Everyone (funds, banks, academics, financial information sites etc.) reports the annualized return, standard deviation, and Sharpe ratio. Yet we never get to know what the basis of their computation is:

  • daily returns?

  • weekly returns?

  • quarterly returns?

  • monthly returns?

  • beginning of period prices?

  • end of period prices?

  • simple returns?

  • log returns?

I tried to replicate the calculation from Morningstar. They report the following for the S&P500 as of end of August 2020:

  • annualized returns: 11.15% (10yrs), 10.80% (5yrs), 8.96% (3yrs)

  • annualized st.dev.: 13.38%, (10yrs), 14.80% (5yrs), 17.51 (3yrs)

  • Sharpe ratio: 0.92 (10yrs), 0.77 (5yrs), 0.66 (3yrs)

By just dividing ret/sd, I get considerably lower SR. I am aware that formally one should also take into account the risk-free rate, which however has been close to zero and would have a negative impact anyway (should get yet lower SR).

I tried to replicate the calculation in R, here's my gist. Unfortunately, I cannot find a method that get's me close enough to Morningstar's numbers on all of their reported periods (3/5/10yrs).

My question is what is the industry standard? If there's no standard, then everyone could calculate in whatever way it gets the best results for them (data dredging).


2 Answers 2


Insofar as a standard exists, it would be a Sharpe ratio from monthly returns using arithmetic rather than log returns.

As a rule of thumb, arithmetic returns should always be used in any kind of reporting since log returns are an approximation (and one we tolerate for ease of use despite being slightly off, particularly for larger moves).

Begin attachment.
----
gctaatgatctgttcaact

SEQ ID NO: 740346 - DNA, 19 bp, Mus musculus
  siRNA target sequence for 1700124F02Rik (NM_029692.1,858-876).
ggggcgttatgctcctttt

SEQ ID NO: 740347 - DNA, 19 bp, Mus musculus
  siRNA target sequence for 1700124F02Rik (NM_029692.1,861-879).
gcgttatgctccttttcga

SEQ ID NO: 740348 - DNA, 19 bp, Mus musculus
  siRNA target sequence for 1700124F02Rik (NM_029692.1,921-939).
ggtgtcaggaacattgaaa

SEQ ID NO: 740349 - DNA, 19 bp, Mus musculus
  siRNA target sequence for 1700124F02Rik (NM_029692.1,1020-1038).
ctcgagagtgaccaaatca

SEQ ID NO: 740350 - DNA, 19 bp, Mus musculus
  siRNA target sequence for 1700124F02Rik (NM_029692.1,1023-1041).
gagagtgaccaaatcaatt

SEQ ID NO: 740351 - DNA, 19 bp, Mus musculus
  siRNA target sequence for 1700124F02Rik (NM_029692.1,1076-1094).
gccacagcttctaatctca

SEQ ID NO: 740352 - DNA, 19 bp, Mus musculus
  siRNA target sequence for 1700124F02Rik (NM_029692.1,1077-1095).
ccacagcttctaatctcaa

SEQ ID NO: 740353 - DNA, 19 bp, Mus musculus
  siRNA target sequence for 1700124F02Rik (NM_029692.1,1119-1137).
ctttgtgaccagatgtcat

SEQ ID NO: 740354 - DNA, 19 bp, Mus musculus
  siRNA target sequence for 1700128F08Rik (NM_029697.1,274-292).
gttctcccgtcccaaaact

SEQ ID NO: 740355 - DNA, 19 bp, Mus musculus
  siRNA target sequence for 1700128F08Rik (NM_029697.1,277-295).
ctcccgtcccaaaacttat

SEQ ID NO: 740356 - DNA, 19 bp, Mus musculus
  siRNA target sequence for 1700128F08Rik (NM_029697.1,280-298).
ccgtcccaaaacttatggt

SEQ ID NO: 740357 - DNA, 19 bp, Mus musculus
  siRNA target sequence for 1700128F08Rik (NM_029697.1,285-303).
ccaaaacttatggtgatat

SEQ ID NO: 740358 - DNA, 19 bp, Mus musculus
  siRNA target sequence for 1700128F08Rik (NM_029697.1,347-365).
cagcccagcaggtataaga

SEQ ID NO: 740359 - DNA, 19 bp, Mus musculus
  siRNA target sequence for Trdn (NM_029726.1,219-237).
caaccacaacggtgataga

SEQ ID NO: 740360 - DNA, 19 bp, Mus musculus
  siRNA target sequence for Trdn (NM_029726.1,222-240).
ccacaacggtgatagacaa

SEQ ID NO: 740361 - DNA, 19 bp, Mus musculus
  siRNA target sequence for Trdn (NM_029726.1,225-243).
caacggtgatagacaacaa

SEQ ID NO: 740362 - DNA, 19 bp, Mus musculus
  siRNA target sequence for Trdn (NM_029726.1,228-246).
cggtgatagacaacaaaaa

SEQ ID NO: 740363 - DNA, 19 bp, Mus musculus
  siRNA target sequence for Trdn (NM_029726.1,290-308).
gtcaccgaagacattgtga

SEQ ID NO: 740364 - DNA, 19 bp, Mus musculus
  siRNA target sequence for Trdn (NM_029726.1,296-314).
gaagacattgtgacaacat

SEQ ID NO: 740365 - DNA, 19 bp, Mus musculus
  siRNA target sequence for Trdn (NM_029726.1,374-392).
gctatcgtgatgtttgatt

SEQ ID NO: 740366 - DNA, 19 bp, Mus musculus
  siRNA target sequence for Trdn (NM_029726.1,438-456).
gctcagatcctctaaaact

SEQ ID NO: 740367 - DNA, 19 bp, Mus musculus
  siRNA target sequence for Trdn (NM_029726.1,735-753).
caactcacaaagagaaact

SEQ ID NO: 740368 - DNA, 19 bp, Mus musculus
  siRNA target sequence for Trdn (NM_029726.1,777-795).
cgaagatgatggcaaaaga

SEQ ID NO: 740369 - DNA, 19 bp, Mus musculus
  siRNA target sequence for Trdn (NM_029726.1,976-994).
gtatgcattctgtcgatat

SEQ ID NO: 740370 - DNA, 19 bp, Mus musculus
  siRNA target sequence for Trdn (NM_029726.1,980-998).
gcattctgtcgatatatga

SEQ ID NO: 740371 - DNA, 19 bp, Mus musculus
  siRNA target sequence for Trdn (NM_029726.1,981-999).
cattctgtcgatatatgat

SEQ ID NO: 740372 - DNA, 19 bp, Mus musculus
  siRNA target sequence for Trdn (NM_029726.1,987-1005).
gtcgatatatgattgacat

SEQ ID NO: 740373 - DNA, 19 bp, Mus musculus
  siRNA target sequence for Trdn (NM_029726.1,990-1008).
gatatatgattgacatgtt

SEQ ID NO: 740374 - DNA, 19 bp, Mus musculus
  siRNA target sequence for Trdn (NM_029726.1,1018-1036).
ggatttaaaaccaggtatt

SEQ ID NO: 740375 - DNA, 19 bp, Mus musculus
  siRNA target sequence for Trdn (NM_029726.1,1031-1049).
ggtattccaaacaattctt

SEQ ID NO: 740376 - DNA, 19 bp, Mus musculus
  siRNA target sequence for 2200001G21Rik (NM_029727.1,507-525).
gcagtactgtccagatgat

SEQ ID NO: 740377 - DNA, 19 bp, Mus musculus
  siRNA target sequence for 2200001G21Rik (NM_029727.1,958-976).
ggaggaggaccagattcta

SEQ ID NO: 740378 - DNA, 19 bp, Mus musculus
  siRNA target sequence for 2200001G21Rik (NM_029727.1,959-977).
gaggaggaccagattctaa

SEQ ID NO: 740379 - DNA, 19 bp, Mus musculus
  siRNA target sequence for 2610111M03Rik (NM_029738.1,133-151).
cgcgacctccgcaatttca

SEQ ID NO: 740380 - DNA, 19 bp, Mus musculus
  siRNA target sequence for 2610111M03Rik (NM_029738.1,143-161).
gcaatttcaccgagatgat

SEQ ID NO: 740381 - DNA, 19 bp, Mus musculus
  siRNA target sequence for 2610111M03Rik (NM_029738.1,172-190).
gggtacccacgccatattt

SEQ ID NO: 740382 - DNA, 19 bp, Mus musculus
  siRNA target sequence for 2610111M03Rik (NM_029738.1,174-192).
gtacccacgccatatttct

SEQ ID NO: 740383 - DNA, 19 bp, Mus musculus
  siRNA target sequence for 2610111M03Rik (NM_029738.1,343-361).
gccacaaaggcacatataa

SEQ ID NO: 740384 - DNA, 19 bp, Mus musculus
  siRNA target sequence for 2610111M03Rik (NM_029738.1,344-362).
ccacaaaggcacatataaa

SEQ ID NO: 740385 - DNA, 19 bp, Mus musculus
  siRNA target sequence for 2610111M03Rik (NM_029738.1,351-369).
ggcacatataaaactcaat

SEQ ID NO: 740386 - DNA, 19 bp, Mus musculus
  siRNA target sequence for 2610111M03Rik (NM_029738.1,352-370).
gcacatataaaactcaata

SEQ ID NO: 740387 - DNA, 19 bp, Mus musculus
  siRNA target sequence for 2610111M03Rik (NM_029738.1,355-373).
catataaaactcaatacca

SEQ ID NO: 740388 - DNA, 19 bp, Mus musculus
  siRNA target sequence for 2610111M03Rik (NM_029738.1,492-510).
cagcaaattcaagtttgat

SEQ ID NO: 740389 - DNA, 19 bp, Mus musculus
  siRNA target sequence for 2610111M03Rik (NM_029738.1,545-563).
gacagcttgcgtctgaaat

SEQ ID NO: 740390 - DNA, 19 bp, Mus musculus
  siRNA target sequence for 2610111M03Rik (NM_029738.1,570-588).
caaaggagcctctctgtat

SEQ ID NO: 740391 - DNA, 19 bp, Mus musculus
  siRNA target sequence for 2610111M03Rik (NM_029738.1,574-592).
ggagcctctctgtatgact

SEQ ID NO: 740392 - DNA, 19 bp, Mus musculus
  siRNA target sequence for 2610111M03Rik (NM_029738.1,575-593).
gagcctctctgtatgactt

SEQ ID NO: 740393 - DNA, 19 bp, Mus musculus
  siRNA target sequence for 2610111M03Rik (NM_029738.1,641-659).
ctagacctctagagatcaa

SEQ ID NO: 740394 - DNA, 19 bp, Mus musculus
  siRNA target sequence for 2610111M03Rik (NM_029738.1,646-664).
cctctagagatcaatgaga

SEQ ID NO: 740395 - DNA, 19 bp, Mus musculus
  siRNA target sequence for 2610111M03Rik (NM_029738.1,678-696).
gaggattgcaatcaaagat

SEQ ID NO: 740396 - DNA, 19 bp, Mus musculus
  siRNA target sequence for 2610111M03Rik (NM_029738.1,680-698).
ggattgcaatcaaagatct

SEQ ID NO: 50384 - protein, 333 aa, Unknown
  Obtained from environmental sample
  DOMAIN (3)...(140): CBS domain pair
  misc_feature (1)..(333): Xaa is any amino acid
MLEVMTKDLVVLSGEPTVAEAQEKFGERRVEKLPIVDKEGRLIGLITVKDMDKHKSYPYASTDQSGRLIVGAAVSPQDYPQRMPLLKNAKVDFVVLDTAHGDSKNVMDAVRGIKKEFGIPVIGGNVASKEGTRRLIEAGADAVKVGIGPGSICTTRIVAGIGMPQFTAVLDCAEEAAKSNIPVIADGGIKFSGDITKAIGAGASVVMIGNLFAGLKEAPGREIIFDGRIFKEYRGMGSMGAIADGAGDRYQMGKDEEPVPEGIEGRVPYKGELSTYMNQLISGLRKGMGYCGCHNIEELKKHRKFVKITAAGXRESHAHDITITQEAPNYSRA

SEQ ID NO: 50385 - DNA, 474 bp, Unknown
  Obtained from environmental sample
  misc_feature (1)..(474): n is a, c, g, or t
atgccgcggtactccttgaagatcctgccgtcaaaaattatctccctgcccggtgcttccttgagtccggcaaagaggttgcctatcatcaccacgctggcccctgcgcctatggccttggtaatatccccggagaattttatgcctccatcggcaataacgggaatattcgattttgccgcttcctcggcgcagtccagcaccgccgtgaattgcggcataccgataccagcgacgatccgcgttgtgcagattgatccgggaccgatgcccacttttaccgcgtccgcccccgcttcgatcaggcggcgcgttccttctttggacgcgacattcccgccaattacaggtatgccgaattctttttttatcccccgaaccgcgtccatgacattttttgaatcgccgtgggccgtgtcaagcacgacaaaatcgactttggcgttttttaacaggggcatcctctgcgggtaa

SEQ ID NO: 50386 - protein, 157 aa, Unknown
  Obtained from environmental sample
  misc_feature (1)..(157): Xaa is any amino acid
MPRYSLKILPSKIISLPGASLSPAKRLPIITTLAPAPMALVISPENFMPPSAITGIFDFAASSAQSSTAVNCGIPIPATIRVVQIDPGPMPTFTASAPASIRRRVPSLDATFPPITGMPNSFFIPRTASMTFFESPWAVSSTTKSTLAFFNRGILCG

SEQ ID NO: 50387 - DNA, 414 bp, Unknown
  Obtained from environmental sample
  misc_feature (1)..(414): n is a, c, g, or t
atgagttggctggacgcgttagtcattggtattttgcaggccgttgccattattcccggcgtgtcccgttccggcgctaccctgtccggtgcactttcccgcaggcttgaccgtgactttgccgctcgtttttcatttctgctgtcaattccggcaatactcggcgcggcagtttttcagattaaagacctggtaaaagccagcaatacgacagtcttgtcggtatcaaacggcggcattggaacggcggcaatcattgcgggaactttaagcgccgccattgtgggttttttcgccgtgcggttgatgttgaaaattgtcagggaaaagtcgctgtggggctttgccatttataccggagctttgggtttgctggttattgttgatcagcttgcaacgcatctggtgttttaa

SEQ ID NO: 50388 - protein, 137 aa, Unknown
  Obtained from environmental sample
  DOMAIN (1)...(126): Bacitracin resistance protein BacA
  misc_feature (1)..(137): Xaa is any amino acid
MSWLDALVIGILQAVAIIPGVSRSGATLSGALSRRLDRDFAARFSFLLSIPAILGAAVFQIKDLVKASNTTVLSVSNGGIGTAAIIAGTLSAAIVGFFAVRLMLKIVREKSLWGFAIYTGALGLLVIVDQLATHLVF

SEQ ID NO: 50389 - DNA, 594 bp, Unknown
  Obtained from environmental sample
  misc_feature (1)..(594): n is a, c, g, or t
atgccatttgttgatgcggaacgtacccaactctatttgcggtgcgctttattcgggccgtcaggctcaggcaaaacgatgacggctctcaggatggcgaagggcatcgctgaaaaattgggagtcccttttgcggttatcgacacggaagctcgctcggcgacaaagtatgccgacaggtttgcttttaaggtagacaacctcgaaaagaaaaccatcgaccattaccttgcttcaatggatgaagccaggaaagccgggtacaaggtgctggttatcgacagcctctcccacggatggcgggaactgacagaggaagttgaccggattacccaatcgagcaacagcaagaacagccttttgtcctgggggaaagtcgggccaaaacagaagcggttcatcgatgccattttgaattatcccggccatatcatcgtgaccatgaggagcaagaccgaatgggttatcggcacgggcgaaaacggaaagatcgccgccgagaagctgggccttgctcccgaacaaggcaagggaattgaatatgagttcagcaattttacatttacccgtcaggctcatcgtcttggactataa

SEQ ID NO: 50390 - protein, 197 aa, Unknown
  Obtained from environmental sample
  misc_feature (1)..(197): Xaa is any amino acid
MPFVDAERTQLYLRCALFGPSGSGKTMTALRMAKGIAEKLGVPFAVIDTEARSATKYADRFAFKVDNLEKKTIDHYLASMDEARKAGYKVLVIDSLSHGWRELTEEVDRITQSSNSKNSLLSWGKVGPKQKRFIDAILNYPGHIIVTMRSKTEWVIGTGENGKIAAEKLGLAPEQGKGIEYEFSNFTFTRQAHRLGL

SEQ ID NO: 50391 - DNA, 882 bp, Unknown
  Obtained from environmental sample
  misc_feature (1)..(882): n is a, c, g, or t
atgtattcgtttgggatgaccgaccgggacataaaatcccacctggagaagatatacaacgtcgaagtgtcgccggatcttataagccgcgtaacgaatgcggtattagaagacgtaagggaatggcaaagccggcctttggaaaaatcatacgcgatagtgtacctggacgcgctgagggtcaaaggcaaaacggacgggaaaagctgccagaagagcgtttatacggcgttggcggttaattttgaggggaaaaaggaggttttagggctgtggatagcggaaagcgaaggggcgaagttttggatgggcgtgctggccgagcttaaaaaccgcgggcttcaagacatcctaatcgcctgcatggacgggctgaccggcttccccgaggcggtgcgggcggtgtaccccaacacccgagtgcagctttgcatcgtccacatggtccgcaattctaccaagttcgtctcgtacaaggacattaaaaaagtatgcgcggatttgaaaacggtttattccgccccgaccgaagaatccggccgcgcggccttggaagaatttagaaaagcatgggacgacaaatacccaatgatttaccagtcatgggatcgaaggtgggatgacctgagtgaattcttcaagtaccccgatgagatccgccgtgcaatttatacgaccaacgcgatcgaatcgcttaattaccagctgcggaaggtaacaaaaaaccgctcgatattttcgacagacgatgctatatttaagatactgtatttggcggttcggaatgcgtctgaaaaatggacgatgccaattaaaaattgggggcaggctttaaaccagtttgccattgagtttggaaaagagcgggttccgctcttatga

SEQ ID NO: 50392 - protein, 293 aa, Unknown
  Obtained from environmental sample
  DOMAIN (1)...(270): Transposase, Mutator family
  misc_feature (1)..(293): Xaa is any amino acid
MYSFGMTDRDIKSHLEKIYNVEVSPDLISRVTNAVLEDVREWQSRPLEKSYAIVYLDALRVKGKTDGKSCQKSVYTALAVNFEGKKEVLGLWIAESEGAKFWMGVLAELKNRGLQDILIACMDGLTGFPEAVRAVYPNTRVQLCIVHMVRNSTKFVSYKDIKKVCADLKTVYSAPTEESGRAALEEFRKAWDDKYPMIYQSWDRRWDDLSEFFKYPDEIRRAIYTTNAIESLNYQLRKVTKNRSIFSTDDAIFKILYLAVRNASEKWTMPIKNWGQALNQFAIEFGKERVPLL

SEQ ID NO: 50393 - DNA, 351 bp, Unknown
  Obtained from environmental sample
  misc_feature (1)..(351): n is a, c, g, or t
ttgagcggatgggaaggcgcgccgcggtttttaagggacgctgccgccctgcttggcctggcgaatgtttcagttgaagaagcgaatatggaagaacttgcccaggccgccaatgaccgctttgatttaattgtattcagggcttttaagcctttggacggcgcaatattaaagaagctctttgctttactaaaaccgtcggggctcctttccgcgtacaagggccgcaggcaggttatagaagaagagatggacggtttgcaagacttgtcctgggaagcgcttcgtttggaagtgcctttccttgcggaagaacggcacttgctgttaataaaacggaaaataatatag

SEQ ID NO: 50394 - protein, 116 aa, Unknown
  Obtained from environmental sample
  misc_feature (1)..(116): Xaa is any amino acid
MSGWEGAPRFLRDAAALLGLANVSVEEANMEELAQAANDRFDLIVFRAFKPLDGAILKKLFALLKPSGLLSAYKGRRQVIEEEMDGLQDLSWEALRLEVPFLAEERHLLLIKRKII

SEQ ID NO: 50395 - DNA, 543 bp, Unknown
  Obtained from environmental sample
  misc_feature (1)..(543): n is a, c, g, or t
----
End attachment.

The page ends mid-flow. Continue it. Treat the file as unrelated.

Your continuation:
Also return is calculated as the average over interval and for given frequency not the geometric (or annualized return) return, per Sharpe's original paper. Morningstar uses their own definition which doesn't adhere to this.

Monthly is a kind of frequency standard, but daily Sharpe is a completely valid stat and will provide slightly different information. I typically calculate both but more frequently use monthly Sharpe as a quick reference for quality of strategy. Large deviations between the two suggest there are/may be things going on intra-month that isn't being accounted for at the monthly level.

Small differences in calculation can occur for any of a number of reasons (eg, small calc differences, data discepancies, missing data, etc), so trying to 'match' a calculation is sort of a fool's errand unless you need an exact match for some reason.


The question isn't simply answered and the short answer is it depends on a number of factors.

The GIPS standard for investment managers is the only performance reporting standard AFAIK and it can be found here:


There are certain rules and requirements depending on the frequency you wish to report and other factors. There are also regulatory requirements which can vary (SEC, AIFMD exc.. exc..).


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